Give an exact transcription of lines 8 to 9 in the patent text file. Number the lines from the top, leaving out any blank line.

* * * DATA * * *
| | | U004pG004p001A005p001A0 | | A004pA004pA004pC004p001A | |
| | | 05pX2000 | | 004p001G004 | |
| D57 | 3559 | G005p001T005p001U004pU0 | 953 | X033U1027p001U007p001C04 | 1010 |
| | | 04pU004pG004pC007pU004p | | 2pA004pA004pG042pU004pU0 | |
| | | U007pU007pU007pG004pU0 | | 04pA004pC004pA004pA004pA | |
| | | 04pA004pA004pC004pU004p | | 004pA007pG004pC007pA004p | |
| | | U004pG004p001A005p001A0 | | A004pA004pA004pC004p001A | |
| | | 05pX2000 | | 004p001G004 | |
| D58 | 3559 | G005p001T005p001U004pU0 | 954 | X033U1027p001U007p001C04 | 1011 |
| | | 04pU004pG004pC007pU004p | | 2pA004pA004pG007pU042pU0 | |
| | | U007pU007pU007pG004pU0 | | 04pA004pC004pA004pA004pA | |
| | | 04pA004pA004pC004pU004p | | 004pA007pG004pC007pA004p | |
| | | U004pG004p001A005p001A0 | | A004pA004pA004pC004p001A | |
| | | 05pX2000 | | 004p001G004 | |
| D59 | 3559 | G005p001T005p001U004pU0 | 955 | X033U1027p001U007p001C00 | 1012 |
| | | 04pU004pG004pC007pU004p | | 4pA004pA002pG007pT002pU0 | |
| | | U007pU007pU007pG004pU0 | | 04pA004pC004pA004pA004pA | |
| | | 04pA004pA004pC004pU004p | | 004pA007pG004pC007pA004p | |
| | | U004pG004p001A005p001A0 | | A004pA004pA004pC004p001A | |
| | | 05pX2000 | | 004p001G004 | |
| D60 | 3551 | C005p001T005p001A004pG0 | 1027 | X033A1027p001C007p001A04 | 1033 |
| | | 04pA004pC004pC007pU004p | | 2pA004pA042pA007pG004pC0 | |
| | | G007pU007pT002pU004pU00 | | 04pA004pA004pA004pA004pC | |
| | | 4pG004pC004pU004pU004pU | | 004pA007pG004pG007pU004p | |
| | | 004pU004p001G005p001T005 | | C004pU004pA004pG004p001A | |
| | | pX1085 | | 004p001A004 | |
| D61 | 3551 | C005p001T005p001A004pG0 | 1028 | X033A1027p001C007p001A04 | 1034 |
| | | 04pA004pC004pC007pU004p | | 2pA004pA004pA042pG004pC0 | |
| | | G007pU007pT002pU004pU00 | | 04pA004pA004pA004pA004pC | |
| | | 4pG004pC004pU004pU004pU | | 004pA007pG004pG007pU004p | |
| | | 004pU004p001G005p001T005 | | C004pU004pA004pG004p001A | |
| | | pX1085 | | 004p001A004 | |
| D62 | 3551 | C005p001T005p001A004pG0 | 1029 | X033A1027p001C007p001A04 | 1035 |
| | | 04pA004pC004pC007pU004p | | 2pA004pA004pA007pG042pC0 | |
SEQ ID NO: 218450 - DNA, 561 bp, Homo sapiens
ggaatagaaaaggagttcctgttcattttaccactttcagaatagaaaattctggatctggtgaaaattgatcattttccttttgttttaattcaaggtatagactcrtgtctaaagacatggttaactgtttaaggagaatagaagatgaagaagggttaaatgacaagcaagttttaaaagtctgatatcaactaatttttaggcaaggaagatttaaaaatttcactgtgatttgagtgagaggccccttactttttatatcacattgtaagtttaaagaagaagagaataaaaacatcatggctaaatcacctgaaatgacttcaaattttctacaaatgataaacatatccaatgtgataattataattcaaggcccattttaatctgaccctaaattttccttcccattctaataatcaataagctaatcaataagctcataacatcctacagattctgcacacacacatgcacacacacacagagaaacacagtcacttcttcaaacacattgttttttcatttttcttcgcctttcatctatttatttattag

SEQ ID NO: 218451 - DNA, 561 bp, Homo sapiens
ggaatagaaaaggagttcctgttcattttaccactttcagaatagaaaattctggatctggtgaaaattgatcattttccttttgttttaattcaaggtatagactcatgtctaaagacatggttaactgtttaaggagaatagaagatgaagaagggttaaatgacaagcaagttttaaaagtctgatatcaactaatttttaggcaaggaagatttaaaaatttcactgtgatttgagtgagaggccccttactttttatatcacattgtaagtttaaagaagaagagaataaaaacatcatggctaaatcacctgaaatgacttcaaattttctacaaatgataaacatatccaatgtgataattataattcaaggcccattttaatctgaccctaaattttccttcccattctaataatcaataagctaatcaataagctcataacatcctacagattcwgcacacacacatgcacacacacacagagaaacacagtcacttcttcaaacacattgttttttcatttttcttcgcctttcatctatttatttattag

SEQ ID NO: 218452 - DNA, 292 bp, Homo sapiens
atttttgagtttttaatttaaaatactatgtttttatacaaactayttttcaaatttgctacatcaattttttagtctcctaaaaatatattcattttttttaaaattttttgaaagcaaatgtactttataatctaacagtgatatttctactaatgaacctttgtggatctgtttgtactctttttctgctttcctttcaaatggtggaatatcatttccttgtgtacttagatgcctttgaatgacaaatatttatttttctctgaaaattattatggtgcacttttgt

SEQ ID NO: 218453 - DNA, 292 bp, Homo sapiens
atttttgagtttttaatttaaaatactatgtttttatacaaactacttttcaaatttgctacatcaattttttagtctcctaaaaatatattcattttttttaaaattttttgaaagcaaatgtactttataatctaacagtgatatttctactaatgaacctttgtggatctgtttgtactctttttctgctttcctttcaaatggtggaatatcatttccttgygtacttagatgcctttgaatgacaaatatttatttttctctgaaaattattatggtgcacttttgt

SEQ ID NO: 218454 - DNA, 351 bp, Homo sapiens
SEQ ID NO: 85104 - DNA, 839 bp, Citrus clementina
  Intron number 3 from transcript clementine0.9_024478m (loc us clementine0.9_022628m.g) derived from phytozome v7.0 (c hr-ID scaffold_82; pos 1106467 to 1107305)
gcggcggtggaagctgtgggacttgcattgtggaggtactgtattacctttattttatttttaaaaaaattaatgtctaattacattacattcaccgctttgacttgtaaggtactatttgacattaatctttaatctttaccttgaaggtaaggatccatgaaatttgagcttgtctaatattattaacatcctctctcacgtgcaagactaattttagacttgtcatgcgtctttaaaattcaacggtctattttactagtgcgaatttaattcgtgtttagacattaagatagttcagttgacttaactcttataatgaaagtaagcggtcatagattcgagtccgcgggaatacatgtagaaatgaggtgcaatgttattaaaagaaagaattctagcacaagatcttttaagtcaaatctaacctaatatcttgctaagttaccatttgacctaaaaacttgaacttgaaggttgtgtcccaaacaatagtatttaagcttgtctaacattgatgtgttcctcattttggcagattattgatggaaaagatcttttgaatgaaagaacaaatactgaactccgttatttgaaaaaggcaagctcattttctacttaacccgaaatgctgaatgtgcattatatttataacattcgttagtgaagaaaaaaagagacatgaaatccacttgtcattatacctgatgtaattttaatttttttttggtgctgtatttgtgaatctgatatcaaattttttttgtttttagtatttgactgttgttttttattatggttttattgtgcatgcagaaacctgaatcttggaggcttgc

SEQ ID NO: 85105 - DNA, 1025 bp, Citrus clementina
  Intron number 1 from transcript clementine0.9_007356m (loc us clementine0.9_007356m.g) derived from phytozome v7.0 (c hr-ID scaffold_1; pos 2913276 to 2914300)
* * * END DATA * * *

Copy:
| | | 05pX2000 | | 004p001G004 | |
| D58 | 3559 | G005p001T005p001U004pU0 | 954 | X033U1027p001U007p001C04 | 1011 |